|â€˜Boroâ€™s musical heritage is on display in July
|Sunday, July 1, 2012 5:58 am.
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|Nashville may be known as Music City, USA, but Murfreesboro will lay claim to the name as the yearlong Bicentennial Celebration honors our musical heritage this month.
Designed to honor the city’s 200-year history, the year-long celebration focuses on a different topic each month. July’s designation as “Music Month” was not surprising given Uncle Dave Macon Days is held every July in Murfreesboro.
Uncle Dave, a.k.a., The Dixie Dewdrop, is likely the most famous person to hail from Rutherford County.
“He would always come out and introduce himself as ‘My name is Dave Macon and I’m from Rutherford County. I suppose most of you don’t know anything about Rutherford County. Well let me tell you about Rutherford County’,” music historian the late Charles Wolfe said in “Rutherford County: 200 Years of Our County.”
And Macon would proceed to regale the crowd with tales from our fair city.
Macon started his entertainment career as a vaudeville performer in the early 1920s and later became the first star of the Grand Ole Opry in the latter half of the decade.
Before he achieved national fame as a banjo player, singer and comedian, he worked hauling freight between Murfreesboro and Woodbury.
“He did it with mules and he had a mule driver. He was the boss of the outfit and about that time (about 1900 or so) there were four grocery stores on the Square of Murfreesboro. Uncle Dave did deliveries to each one of them. As he would make his delivery to each one, he would sing out what he was delivering to each one of the merchants. That’s when everyone knew deliveries had come – when he would start singing. Everyone got such a kick out of it,” Wolfe said.
Macon even kept a banjo under his wagon seat so he could play on his way out of town to pick up another load.
“It was almost like a parade,” Wolfe said. “The little kids would come out and watch him and the gentlemen would tip their hats to him. They would always enjoy him coming to town.”
Needless to say, Macon was an original Murfreesboro character, who was known all over the town and countryside before he even made it to the stage of the Opry.
“If you have to pick out the legends of Rutherford County then he’s No. 1; he is like the Elvis of the Rutherford County,” Wolfe said.
Macon’s legacy will be remembered during the 35th annual Uncle Dave Macon Days, held July 13-15 at Cannonsburgh Village on Front Street in Murfreesboro.
Admission is $5 per day or $8 for Friday and Saturday with children 12 years old and under getting in free. Admission for Sunday’s gospel showcase and community service fair is free.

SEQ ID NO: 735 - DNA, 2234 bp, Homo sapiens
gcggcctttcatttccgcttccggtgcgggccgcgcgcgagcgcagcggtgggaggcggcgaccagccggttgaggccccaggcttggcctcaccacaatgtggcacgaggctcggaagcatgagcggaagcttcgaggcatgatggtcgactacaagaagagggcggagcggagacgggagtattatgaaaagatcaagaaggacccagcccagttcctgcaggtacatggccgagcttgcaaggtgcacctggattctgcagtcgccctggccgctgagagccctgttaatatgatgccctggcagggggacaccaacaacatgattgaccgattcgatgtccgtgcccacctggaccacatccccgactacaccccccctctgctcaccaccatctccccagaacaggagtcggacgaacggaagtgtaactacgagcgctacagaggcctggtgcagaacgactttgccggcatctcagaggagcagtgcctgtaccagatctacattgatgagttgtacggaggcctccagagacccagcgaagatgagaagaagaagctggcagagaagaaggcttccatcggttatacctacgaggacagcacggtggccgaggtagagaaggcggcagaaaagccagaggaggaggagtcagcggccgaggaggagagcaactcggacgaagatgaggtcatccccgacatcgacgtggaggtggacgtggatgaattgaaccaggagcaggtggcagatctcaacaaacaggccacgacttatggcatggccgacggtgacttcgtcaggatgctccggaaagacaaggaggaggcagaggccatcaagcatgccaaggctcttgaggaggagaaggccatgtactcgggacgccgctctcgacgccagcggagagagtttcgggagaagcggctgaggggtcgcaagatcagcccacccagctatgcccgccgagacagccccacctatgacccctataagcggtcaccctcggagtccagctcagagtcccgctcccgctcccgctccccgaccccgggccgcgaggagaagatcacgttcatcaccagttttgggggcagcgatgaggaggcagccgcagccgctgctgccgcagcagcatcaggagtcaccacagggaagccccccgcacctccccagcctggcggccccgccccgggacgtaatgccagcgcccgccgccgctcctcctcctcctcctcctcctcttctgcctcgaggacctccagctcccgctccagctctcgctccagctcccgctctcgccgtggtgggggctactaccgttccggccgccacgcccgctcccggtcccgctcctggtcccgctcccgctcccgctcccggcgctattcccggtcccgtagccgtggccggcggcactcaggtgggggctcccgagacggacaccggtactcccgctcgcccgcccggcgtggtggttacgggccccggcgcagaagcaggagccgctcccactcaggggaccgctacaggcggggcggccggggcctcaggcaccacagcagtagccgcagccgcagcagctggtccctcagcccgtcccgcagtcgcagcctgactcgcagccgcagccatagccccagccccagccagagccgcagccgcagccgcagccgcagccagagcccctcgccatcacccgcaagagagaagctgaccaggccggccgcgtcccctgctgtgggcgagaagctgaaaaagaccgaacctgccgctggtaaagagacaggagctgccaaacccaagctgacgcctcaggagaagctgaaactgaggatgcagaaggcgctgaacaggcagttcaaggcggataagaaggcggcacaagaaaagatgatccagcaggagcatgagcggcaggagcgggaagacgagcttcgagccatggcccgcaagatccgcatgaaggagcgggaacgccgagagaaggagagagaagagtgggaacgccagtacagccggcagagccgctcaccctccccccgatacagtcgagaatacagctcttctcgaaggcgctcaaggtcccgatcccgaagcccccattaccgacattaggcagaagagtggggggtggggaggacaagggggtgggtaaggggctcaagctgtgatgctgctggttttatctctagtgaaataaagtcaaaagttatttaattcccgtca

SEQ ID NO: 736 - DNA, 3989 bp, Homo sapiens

Other activities include a “motorless” parade on Saturday morning at 10 o’clock from Central Magnet School down East Main Street, around the Square and finally to the festival grounds.
As the parade rounds the courthouse, a mounted unit from the Sons of Confederate Veterans Camp No. 33 will join with it as it re-enacts the 150th anniversary of General Nathan Bedford Forrest’s raid on Murfreesboro.
For more information on the festival, visit uncledavemacondays.com.
Every year the festival honors individuals who have dedicated themselves to the preservation and promotion of old-time music. This year the festival will honor J.D. Crowe on Friday night and Mike Snider on Saturday night.
In addition to the performances of Crowe and Snider, the festival will include music and dance competitions, as well as gospel music, shape-note singing and a community service fair on Sunday.
But before Murfreesboro pays tribute to its old-time musical heritage, the city will celebrate our nation’s independence at Celebration Under the Stars.
Murfreesboro’s annual Fourth of July party, Celebration Under the Stars starts at 5 p.m. Wednesday, July 4 at McKnight Park, located at 120 DeJarnette Lane.
There will be games and activities for the kids, music, fireworks and refreshments for purchase.
Please leave pets, grills, alcohol and fireworks including sparklers at home.
Colors will be presented at 8 p.m., followed by the signing of the National Anthem with accompaniment by the Murfreesboro Symphony Orchestra.
The fireworks are slated to begin at 9 p.m.
But before America’s birthday party starts, celebrate summer in the outdoor pool at the SportsCom with the Rock the Pool Party from 10 a.m.-5:45 p.m.
For more information about either event, call the Murfreesboro Parks and Recreation Department at 890-5333.
During the celebration and after the fireworks, Airport Road will be closed. All traffic leaving McKnight Park MUST turn right onto DeJarnette Lane.
Rover will be available for shuttle service to and from nearby parking areas.
Two nights later, Main Street: Murfreesboro presents Friday Night Live, featuring the Stones River Pilots.
“We like to play the songs people know and love,” Pilots drummer Norris Hall said in a previous interview. Those songs include favorites that span the 1950s-1980s.
“All are played with a generous sprinkling of special Pilot’s Seasoning. Stones River Pilots are all about having fun and not taking ourselves too seriously,” Hall said. “We hope everyone will like listening to us half as much as we like playing.”
Making up the group are a batch of locals that range from artists and craftsmen to the police force which include Rodney Wright, Melvin Cunningham, Alan Daigre, Hall and others.
The concert will begin at 6:30 p.m. on The Square and is free to the public.
For more information on the group, visit stonesriverpilots.com.